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I am starting to allocate an increasing amount of non-deployed cash into European equities. The U.S. market, I believe, is fully valued at these levels after an almost 20% gain so far in 2013. I don't appear to be alone in this belief, either, judging from the robust initial-public-offering activity that's in the pipeline.

More important, Europe seems to be finally on the verge of turning a corner after almost two years of contraction. The European purchasing managers index is now above the breakeven 50 level for the first time in a year and a half, indicating expansion. In addition, eurozone unemployment dropped for the first time in two years in July. These are just two signs that Europe is starting to slowly turn around. Given that the overall European market has underperformed the U.S. market by more than 25% over the past two years, "less bad" could be "good enough."

So I am slowly easing back onto the continent, as I'm looking at a bevy of bargains if this is indeed the turn. Here are two European equities that I like at current levels.



is one of the major telecom players in the world, and it serves some 400 million customers. I have owned the shares since they were priced in the mid-$20s, and they now trade at $31 a share. The company's main asset is its 45% stake in



Wireless, representing more than 50% of Vodafone's total market value. Verizon has expressed interest in buying this out for $100 billion, and Vodafone is holding out for around $130 billion. I think this will get resolved eventually for somewhere in between these two numbers.

In the meantime, an investor would get about a 5% dividend yield as they wait for this transaction to be initiated and completed. Among the company's other assets is its huge customer base in Europe, which provides some 70% of the company's revenue. Obviously an improving economy on the continent would buoy Vodafone's prospects substantially. The company also has a strong foothold in emerging markets in Africa, Asia and the Middle East, and that should lead to future growth.Shares are not expensive, either: They trade at 11x this year's expected earnings, and consensus earnings estimates for fiscal 2014 (ending March 2014) have been rising nicely of late.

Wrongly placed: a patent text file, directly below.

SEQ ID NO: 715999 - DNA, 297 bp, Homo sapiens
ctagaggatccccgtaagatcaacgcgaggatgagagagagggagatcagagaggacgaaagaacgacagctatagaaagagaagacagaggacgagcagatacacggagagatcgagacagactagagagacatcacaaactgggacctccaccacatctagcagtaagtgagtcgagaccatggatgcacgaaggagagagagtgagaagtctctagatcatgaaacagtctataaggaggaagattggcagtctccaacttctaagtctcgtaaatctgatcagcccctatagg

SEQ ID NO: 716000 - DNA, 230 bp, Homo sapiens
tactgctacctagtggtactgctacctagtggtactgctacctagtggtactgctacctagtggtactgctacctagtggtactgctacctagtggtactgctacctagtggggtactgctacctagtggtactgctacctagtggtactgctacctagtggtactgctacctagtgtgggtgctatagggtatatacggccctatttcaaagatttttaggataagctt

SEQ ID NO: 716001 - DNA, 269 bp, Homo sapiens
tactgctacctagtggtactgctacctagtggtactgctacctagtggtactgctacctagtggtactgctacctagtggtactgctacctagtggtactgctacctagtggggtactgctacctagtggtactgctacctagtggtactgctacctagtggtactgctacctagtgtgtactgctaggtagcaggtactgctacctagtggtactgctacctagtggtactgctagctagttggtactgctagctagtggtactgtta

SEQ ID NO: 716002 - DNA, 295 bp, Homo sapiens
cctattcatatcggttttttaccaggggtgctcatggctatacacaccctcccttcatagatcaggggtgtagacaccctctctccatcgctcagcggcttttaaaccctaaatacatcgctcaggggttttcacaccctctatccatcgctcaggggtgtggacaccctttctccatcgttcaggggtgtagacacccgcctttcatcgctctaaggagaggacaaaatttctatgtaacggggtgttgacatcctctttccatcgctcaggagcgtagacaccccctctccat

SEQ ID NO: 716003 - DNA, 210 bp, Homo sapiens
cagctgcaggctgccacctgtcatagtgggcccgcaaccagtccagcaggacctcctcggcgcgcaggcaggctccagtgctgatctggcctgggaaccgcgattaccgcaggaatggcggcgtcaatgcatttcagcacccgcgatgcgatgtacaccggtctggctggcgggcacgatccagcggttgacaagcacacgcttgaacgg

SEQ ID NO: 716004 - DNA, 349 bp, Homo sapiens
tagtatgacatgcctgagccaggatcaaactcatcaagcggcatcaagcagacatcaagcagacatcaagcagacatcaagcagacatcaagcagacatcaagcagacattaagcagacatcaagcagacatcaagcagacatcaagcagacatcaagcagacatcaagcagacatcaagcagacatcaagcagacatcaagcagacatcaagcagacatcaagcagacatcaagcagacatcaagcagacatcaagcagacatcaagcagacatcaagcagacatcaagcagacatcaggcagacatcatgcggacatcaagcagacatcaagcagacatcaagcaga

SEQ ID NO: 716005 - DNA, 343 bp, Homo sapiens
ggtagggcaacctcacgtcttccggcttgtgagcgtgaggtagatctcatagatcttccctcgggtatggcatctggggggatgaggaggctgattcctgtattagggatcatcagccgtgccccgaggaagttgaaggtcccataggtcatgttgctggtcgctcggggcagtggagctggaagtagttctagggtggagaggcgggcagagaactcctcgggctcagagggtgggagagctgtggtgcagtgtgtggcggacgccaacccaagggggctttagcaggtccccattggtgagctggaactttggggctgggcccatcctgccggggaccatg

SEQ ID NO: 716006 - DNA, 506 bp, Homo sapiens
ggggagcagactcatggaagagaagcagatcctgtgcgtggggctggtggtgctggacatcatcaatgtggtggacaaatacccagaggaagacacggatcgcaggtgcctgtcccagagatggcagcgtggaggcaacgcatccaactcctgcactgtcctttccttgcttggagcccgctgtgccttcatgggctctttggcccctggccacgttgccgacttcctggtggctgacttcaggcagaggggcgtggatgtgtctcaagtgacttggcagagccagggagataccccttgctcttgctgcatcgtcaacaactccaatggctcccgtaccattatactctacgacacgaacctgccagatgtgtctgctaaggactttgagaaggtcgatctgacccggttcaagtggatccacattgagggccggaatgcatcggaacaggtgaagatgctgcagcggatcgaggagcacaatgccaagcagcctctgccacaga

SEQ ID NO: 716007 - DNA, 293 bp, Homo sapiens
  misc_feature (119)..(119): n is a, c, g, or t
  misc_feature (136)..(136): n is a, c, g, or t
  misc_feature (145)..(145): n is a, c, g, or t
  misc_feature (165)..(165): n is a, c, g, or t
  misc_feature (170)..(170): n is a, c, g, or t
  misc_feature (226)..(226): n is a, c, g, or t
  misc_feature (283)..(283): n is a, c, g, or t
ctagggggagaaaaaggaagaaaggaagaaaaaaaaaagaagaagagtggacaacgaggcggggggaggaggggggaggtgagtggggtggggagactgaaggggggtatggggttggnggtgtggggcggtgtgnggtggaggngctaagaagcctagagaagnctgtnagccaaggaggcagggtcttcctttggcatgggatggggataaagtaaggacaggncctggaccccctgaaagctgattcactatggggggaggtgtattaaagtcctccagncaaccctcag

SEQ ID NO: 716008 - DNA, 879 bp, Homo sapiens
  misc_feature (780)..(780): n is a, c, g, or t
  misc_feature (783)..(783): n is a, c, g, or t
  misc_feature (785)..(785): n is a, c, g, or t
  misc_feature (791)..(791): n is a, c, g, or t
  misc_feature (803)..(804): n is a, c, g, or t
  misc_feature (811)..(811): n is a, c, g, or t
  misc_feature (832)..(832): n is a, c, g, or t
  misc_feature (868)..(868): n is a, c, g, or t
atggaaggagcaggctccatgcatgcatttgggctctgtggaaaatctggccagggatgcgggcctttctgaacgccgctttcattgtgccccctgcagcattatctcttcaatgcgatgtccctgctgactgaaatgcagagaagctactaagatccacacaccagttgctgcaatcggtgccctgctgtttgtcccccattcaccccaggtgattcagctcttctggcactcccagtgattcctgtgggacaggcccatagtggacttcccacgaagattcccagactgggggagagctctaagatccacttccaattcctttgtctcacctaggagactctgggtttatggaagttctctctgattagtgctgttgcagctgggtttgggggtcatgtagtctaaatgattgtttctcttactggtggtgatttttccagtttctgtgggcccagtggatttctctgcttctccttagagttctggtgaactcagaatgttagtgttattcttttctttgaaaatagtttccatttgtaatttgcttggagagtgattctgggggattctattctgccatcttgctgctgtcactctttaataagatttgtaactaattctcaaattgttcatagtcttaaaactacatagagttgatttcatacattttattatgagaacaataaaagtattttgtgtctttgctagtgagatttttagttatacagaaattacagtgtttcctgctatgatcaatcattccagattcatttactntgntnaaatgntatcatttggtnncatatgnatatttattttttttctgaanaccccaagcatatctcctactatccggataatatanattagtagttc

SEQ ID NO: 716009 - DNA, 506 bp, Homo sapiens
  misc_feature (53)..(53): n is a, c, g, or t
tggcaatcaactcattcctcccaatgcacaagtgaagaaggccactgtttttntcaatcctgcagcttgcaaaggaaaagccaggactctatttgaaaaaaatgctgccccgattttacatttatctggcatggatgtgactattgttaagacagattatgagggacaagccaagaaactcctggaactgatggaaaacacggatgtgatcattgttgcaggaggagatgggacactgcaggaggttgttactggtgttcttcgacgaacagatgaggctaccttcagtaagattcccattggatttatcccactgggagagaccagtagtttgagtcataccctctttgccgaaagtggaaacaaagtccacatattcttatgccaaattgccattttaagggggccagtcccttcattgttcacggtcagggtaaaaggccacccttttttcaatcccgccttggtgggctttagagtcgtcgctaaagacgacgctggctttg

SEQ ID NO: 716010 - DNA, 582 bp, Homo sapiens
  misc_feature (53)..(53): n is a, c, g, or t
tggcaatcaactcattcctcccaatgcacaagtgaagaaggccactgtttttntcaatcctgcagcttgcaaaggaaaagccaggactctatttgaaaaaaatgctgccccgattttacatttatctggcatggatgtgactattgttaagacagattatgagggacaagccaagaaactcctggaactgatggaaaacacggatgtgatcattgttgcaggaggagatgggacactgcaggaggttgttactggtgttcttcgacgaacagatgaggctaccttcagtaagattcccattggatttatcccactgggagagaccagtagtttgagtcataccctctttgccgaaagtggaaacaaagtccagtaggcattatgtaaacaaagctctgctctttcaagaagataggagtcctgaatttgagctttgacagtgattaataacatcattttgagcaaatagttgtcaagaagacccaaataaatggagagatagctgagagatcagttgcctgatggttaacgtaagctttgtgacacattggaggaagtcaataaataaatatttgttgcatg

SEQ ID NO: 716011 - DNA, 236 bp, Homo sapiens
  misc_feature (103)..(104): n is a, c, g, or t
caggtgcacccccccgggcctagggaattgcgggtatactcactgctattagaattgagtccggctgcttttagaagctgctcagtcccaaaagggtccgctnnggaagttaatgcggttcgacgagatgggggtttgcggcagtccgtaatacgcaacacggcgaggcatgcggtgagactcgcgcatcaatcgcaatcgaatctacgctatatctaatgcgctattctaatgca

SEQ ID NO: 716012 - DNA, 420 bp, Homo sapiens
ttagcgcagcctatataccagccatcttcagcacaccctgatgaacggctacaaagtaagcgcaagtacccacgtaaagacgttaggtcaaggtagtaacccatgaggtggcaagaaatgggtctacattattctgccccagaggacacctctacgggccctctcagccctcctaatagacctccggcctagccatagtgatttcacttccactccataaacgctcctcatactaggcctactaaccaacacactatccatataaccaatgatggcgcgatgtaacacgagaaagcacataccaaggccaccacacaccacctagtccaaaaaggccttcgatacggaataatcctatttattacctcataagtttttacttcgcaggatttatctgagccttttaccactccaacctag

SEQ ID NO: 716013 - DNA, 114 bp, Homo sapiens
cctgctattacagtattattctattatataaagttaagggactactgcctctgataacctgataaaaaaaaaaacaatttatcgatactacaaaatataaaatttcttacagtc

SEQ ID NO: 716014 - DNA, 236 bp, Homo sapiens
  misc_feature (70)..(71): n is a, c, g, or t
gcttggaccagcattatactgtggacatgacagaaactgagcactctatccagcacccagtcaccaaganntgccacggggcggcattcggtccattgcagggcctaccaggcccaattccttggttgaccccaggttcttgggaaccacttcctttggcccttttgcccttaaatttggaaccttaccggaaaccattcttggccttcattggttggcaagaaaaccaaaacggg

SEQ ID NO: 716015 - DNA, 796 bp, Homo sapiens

AerCap Holdings


is a Netherlands-based aircraft lessor that I recently added to my portfolio. The company just reported quarterly results that exceeded top- and bottom-line expectations, making this the third straight quarterly beat. The stock is cheap at 7.5x this year's expected earnings. AerCap shares also sell for just less than book value.

The company gets 40% of its revenue from European carriers, and it would naturally benefit from a turn in investment sentiment on the continent. It also gets more than 40% of its revenue from faster-growing regions of Asia, Latin America and the Middle East. The company is well-positioned for the continued long-term demand with regard to increasing air travel, especially in emerging markets.

In addition, more and more airlines are moving to an "asset-light" model. Over the past two decades, the percentage of planes that are leased rather than bought has quadrupled -- but still stands at just around 42%. This trend should continue, and that will benefit disciplined lessors such as AerCap Holdings.

At the time of publication, Jensen was long VOD and AER.